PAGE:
Tony Shaw isn’t the brightest bulb in the illustrious display that is the footy media. Any man comprehensively outsmarted by a tree is unlikely to be asked to give a TED lecture anytime soon.
His lack of mental acuity was proven recently on live television when he said that it was a shame that small clubs like North would lose players to Ryan Bastinac to expansion teams like GWS. This ignores the fact that Bastinac hasn’t signed to GWS and more pertinently, completely glosses over the fact that North have protected two players – Andrew Swallow and Todd Goldstein – from very determined GWS approaches.
It happened again when I was watching On The Couch when Gerard Healy praised the work of Jack Atley. Jack who? What number is he?
Please keep reading – this isn’t a North whinge. I only raise the Bastinac and Jack Atley matters because I’m a North supporter and they stuck out like the proverbial dog’s bollocks. But it isn’t just a North thing. It happens to every club. Every week I’m confronted by stuff in the footy media where I think to myself “That’s just wrong. Plain and simple wrong”.
A quick scan across pretty much any of the club boards on BigFooty reveals similar complaints about glaring inaccuracies and mistakes by the footy media.
Why should we mug punters have to put up with the likes of Shaw and his ignorance simply because he played a number of games for the largest supported club? And this is, if we’re being honest, the only reason he makes a generous income from the footy media.
Sure, having played the game at the highest level gives one an understanding that the vast majority of us don’t. But it isn’t a green light to make regular mistakes.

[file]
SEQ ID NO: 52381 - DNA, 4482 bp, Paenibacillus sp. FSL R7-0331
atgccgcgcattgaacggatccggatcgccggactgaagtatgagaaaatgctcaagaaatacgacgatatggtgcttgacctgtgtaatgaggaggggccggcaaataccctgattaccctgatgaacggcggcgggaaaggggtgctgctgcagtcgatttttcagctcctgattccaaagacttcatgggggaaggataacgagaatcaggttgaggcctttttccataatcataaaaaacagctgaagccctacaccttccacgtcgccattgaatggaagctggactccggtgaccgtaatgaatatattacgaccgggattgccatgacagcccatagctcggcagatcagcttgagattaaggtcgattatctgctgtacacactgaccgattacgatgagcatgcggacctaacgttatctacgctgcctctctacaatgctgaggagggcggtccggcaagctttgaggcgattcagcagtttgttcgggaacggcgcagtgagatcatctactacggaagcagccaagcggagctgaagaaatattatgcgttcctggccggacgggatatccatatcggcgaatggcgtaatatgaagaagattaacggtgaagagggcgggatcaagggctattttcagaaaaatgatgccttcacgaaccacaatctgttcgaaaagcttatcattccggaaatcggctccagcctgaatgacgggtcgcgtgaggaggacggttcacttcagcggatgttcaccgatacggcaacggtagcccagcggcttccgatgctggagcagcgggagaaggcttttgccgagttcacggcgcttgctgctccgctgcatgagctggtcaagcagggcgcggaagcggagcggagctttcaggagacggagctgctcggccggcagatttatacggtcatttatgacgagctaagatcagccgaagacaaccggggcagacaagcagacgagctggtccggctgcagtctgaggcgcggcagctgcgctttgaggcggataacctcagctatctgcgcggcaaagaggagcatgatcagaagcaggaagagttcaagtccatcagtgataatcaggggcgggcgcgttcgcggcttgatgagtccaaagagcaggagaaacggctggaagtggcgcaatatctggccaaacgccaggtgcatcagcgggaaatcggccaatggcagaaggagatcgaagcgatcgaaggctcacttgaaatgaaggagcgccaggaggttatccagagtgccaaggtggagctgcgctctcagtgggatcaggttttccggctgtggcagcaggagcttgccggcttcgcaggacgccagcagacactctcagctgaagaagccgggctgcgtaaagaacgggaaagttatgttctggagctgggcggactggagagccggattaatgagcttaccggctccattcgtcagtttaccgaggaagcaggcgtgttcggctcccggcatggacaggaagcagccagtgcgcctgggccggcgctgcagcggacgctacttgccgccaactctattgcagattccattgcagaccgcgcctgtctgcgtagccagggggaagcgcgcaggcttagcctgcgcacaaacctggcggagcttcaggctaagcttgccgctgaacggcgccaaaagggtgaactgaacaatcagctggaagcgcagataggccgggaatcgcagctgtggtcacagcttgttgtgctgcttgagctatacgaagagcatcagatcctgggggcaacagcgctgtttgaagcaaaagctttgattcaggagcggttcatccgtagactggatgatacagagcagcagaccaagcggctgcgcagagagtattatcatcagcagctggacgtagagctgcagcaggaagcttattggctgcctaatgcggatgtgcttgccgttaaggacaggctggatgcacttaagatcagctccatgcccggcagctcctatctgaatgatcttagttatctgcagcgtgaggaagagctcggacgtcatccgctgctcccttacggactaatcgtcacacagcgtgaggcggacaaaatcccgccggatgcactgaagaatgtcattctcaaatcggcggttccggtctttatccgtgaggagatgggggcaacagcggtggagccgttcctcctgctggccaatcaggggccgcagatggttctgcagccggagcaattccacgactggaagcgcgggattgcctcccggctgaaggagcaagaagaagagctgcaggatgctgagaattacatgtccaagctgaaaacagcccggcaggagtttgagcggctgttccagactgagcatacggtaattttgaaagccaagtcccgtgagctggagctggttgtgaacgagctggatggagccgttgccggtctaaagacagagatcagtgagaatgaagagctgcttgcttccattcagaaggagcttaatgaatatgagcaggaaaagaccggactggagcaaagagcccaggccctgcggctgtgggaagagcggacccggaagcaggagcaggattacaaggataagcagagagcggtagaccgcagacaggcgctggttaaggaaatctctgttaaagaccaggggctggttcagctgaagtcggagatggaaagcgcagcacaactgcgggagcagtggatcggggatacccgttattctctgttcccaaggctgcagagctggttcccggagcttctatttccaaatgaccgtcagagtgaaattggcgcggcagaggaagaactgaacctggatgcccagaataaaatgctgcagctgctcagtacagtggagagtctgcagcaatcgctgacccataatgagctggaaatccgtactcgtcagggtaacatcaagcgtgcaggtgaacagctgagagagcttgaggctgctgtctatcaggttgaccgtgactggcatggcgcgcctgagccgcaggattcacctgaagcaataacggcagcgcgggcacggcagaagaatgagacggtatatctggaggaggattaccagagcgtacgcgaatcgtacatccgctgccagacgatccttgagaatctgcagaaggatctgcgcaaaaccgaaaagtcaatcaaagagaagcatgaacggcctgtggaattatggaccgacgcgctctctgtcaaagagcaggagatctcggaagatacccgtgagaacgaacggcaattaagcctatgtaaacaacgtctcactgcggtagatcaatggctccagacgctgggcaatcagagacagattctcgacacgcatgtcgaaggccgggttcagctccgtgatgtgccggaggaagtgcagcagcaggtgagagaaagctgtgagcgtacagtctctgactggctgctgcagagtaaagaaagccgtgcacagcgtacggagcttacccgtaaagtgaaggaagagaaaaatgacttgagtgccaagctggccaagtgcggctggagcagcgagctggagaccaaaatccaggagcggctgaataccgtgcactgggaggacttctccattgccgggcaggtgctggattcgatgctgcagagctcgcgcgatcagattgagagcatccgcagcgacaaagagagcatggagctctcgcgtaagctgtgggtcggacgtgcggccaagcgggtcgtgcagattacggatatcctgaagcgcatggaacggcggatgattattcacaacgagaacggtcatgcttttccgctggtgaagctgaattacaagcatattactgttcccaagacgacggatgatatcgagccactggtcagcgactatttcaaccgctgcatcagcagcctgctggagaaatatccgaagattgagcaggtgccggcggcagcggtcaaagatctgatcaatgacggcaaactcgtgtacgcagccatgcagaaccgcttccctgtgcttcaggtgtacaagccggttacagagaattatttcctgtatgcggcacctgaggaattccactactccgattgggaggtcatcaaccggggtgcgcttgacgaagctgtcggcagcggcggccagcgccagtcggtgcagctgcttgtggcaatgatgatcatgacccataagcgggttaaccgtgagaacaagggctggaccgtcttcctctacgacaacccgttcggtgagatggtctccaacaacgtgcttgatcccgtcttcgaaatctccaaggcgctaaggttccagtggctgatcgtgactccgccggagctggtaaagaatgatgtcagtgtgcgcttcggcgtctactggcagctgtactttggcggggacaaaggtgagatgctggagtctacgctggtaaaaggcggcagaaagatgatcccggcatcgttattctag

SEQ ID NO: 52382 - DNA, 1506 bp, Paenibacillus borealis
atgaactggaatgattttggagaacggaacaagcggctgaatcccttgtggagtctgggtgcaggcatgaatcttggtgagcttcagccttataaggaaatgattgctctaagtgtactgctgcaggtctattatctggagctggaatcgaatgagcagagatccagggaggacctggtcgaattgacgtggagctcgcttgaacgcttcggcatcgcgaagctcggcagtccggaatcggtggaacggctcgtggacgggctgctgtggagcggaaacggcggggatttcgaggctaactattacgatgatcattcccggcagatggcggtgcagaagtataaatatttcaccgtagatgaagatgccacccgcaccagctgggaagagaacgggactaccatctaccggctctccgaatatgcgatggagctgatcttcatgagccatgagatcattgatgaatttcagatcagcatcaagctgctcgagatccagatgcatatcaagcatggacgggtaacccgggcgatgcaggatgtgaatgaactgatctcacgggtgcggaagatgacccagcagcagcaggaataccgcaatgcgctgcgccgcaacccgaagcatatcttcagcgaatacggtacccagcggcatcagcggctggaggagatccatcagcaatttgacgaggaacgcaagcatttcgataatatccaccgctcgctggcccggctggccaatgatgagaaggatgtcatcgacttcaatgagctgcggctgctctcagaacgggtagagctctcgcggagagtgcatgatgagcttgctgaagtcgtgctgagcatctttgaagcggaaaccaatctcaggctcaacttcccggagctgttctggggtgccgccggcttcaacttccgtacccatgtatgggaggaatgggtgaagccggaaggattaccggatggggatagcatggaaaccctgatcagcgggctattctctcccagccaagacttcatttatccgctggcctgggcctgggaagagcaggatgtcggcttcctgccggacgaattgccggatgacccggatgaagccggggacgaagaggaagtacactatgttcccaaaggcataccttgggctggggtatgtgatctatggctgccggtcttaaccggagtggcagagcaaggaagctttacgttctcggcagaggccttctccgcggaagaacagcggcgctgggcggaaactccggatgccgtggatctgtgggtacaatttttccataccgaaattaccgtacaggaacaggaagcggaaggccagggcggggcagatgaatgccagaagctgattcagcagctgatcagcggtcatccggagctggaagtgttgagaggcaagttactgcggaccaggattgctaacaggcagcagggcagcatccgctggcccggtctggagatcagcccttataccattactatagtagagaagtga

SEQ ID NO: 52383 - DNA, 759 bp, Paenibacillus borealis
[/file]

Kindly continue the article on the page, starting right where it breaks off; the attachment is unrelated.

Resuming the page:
What makes this lack of knowledge – a sin of either omission or commission that is equally evil in mine eyes – is that it really shouldn’t be too hard for these people to get right. In fact, it should be impossible for them to stuff up.
I worked as a political journalist in the UK for a long while. I effectively blagged my way into a job, openly admitting that I couldn’t name the parliamentary under-secretary for defence acquisitions but that I had the talent and the experience to report politics and would quickly learn all the various players.
My new employers bought it and put me on a semi-rookie list type arrangement: if in three months I’d shown I’d grasped everything, they’d make me permanent and give me a pay rise.
So I set myself to learning all the names of the various government, opposition and minor party figures, where they sat, what their various jobs were.
And I found that rather than trying to learn this all by reading Hansard or even just Googling someone every time an unfamiliar name came up (even though this was useful) the more I simply immersed myself in the whole culture, the quicker I learned things, often without realisation I was actually learning them.
Before long I could talk the jargon and drop names and not get lost when people started talking about various House of Commons sub-committees: because I was immersed in the world I was working in.
I’m pretty immersed in footy too. Immersed enough to write these blogs, enough to have gone up to Ballarat, certainly immersed enough to not make basic mistakes on a regular basis like some of this lot do.
And I’m hardly alone there. Plenty of people know footy just as well, and in many cases better, than I do.
I do want to hear from people who have played the game at the highest level.
But is it too much to ask that they actually take the time to be involved in it full-time still?